Alexander the Great is the subject of Plate 3, trampling the bodies of Ninus and Cyrus underfoot, with the he-goat flag of the Greeks flying behind him. The winged leopard of Nebuchadnezzar's dream rears its four heads, a reminder that despite his conquests, Alexander's vast Empire is destined to fail upon his death, divided amongst the four rival generals Ptolemy, Seleucus, Lysimachus, and Cassander. Like Cyrus, Alexander's greatest conquest was Babylon, though the city in the background is more likely to be Alexandria, which, through Ptolemy's manoeuvring, would eventually become the resting place of Alexander's body and the city most identified with his legacy over the succeeding centuries. Blackletter text below.
The final plate in the series, Plate 4, focusses on Julius Caesar and the last and greatest of the Empires of Antiquity, the Imperium Romanum. Caesar, dressed in armour of the lorica segmentata type and garlanded with a laurel wreath, holds before him the banner of the Romans, emblazoned with the imperial eagle. His horse rides over the bodies and standards of the preceding three rulers, marking the Romans' subjection of the entire Mediterranean and Near East to their authority. From the waves at the right of the scene, a hideous beast arises, the last of the four that form Nebuchadnezzar's dream. The ten twisted horns on its head represent the nations of the empire, three of which will be supplanted by the pointed horn that has erupted between them. Blackletter text below.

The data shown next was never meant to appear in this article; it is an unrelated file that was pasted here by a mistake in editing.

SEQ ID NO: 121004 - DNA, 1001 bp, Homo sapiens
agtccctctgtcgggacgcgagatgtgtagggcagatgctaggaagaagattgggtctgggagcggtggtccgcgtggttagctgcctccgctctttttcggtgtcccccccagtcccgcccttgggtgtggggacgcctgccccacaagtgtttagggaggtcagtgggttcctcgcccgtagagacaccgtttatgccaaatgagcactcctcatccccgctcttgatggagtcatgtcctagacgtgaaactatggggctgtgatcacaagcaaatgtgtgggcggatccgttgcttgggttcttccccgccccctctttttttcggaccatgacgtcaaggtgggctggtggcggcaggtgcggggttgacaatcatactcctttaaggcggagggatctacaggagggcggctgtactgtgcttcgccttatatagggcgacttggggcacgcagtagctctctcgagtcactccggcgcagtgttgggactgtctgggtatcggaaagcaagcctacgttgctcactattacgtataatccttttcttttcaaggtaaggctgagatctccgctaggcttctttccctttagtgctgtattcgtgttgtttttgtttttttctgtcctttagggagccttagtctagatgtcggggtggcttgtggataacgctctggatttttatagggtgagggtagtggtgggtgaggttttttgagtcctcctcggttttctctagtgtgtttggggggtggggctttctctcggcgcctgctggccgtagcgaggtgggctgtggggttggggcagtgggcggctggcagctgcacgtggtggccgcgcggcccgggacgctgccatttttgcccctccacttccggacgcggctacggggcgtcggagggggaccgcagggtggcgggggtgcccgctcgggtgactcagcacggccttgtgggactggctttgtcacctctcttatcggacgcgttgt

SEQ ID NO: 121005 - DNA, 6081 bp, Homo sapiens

Gregorius Fentzel (fl. c.1650) was a German printmaker and publisher, active in Nuremberg. Very little is known of him, though he was a relatively prolific re-engraver of allegorical, historical, and religious scenes, particularly series by engravers including de Vos, de Jode, Philips Galle, the Collaerts', and the Weirix family.
Maerten de Vos (1532-1603) was a Flemish painter and draughtsman. He was a pupil of his father Pieter de Vos and a follower of Frans Floris in Antwerp. Between 1550 and 1558 he travelled in Italy, visiting Rome, Venice and possibly Florence. In 1558 he became a master of the Antwerp Guild of St Luke. Between 1571 and 1572, he was dean of the Guild. From 1575 he mainly produced print designs. He was the father of the artists Daniel (1568-1605) and Maerten the Younger (1576-1613).
Adriaen Collaert (1560 - 1618) was a Flemish engraver and major publisher, active in Antwerp. He was a member of the Guild of St Luke, and worked with Gerard de Jode, Eduard Hoeswinckel and Hans van Luyck. His works are known for their anatomical correctness as well as their physiognomical expressiveness. Some of his original plates are engraved with a cipher.
Condition: Clean impressions with full margins. Printers ink-stains to platemarks, and to bottom right corner of sheet on Plate 4. Central vertical creases, with minor scuffing to folds. Small tears to bottom of sheets, not affecting images. Printer's crease to left margin of Plate 1, not affecting image.